“We ask that those who love the New Forest join us so that we, the New Forest Association, can continue to be the one organisation that will act as watchdog and campaign for the Forest as it has done since 1867.”

Note to Editors:
Environment Secretary Caroline Spelman has confirmed today that the consultation has been cancelled and that an independent panel of experts will examine forestry policy in England and report back to her in the autumn. http://ww2.defra.gov.uk/news/2011/02/17/futureforestry/

The New Forest Acts of 1877, 1949, 1964 and 1970 govern what is permissible in the New Forest and seek to protect and manage the New Forest area. They protect the areas of ancient and ornamental woods and include provisions relating to recreation, access and conservation, with both the Forestry Commission and the Court of Verderers awarded specific responsibilities.

The Public Bodies Bill, expected to reach committee stage in the House of Lords on Monday 28 February, makes provision for conferring powers on Ministers of the Crown in relation to certain public bodies and offices, to confer powers on Welsh Ministers in relation to environmental public bodies, to make provision in relation to forestry, to make provision about amendment of Schedule 1 to the Superannuation Act 1972; and for connected purposes.

Lord Judd is an enthusiast for the environment and was formerly MP for Portsmouth.

The New Forest Association, established in 1867, is one of the oldest conservation organisations in the world. It is an independent charity with over 900 members. Campaign for National Parks recognises NFA as the New Forest National Park society.

Contact:
William Ziegler, Chairman, 01794 390344, chairman@newforestassociation.org

Peter Roberts, Vice Chairman, 01725 514480, peter.robertsnf@tiscali.co.uk

New Forest Association is appalled at Forestry Commission sell off plans

PRESS RELEASE:
The New Forest Association has hit out at Government plans to sell off the ‘crown jewels’ of the New Forest, labelling the plans “appalling”. The charity has also warned that the plans, published today (January 27), could lead to people being charged to use the New Forest.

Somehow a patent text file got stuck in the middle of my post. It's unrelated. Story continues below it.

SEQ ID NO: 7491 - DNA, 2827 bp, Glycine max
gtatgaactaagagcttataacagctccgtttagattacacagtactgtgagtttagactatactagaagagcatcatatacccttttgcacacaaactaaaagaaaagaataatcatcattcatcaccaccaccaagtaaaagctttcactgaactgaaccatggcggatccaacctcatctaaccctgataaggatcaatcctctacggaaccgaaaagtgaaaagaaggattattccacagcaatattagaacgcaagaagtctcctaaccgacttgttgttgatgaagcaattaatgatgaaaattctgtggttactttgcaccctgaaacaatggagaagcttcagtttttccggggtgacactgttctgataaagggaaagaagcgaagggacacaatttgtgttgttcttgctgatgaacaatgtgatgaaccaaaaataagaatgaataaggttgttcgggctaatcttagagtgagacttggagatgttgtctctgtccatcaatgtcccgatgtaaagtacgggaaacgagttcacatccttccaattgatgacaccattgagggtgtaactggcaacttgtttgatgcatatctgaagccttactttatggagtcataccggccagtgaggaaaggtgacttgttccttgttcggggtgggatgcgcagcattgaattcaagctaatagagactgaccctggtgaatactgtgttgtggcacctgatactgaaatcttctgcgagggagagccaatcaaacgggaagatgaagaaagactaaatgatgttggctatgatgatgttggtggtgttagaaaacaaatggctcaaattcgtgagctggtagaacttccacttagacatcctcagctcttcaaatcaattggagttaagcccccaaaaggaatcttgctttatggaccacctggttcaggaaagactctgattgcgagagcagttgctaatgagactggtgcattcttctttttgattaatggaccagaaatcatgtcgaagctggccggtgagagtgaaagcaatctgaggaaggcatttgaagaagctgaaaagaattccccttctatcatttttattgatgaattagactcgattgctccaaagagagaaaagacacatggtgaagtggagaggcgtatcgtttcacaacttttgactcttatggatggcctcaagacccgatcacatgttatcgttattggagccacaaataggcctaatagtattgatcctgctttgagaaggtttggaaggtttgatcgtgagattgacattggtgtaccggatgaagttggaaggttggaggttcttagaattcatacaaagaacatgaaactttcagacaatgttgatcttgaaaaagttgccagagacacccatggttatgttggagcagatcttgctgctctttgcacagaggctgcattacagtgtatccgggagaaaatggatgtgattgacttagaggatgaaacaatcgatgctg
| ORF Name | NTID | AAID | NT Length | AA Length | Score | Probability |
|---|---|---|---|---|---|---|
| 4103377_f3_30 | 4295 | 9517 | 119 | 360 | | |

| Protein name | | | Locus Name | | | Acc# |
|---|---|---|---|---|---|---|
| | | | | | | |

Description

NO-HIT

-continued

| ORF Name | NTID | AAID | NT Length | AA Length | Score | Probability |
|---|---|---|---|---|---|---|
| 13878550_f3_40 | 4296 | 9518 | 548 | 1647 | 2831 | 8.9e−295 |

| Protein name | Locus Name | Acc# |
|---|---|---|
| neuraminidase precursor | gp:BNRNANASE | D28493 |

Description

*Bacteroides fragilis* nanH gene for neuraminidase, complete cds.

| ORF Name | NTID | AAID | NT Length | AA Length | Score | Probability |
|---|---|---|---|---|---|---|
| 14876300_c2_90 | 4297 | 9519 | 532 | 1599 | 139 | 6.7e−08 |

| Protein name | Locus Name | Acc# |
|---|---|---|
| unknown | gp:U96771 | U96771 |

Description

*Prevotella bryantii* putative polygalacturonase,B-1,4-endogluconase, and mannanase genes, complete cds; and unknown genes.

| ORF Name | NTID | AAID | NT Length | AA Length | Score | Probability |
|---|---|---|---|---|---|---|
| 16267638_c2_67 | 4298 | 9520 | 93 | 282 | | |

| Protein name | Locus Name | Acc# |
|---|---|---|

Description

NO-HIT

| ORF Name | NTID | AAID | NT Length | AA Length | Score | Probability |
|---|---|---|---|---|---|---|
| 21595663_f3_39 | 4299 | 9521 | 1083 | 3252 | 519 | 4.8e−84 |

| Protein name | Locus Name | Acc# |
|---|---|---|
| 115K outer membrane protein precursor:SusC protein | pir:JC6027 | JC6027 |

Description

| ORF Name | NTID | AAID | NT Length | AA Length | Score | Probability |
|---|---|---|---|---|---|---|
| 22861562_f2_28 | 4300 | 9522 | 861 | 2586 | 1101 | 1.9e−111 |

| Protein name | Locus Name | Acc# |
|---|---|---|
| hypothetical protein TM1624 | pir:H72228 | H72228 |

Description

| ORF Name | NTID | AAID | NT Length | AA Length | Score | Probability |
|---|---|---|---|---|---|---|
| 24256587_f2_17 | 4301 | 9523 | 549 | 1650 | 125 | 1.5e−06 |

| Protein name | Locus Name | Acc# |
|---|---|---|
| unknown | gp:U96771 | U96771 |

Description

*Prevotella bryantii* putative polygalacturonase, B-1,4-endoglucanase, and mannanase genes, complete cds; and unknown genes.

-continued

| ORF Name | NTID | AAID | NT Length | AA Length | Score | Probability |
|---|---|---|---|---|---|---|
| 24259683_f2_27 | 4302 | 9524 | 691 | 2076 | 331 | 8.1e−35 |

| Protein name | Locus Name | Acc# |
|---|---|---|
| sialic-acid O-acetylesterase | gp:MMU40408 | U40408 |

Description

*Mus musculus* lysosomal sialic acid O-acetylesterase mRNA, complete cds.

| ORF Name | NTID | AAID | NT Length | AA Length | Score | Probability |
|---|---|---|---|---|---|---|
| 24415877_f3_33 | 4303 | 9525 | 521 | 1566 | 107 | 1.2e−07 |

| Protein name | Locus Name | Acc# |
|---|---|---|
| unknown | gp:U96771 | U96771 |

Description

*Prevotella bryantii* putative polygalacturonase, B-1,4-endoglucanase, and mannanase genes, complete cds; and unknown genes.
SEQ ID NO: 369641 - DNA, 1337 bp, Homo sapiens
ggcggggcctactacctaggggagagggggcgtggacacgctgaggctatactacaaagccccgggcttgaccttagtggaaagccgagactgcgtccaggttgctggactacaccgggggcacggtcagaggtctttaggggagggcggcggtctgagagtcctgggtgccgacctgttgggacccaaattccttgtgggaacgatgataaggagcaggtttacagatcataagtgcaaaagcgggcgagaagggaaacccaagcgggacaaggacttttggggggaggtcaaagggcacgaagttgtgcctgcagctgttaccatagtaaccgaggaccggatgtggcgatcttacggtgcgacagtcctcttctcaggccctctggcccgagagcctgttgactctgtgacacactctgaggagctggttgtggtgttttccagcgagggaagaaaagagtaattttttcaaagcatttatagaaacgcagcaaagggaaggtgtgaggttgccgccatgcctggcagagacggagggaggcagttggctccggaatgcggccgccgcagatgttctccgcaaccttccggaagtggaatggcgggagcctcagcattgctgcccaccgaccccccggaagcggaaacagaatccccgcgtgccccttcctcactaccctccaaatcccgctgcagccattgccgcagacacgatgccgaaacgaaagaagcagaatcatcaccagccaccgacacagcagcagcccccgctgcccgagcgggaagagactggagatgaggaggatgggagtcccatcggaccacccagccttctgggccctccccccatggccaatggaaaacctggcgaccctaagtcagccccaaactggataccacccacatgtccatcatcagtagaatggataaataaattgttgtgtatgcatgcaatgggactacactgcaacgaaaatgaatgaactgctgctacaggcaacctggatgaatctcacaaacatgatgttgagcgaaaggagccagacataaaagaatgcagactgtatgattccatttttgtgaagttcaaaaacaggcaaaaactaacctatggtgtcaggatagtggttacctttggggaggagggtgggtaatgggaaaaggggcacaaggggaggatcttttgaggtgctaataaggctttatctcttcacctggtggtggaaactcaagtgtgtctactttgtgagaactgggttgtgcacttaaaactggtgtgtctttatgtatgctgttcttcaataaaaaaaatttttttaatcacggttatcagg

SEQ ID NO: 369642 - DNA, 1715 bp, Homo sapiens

“Plans to find a charity to run the New Forest show a complete lack of understanding of how the forest works,” said New Forest Association Chairman William Ziegler. “In the 64 page Government consultation document1 there is no reference to the commoning system, which has created and maintained the forest for all to appreciate.

“This new threat is the most serious attack on the New Forest for 160 years. Any charity that takes on owning and managing the New Forest will be required to find its own funding after initial government help to offset the £2.9m annual deficit. This could mean charging the public for access to the New Forest and will almost certainly involve selling off parts of the estate which currently provide the cornerstone of commoning.”

Mr Ziegler said the existing system of management, involving the various but interlocking interests of commoning, conservation, timber production and recreation, would be lost alongside the expertise that the Forestry Commission has gained over many decades.

“The Forestry Commission’s staff, and in particular the keepers, have huge local and specialist knowledge of the wildlife which should not be swept away at the stroke of a Whitehall pen,” he said.

“We are shocked by the proposals – the Government must be left in doubt as to the real value of the New Forest and we commend everyone that cares about the area to let their thoughts be known to DEFRA.”

The New Forest Association, formed in 1867, is a charitable organisation which has over 140 years of experience in working to preserve, conserve and protect the New Forest. It was formed at a time when Government measures threatened to sell off the New Forest in the middle of the 19th century.

The Association is dedicated to the preservation, conservation and protection of the New Forest and is a membership based organization. Further information can be found at www.newforestassociation.org.

(DEFRA’s press release: http://ww2.defra.gov.uk/news/2011/01/27/englands-forests/)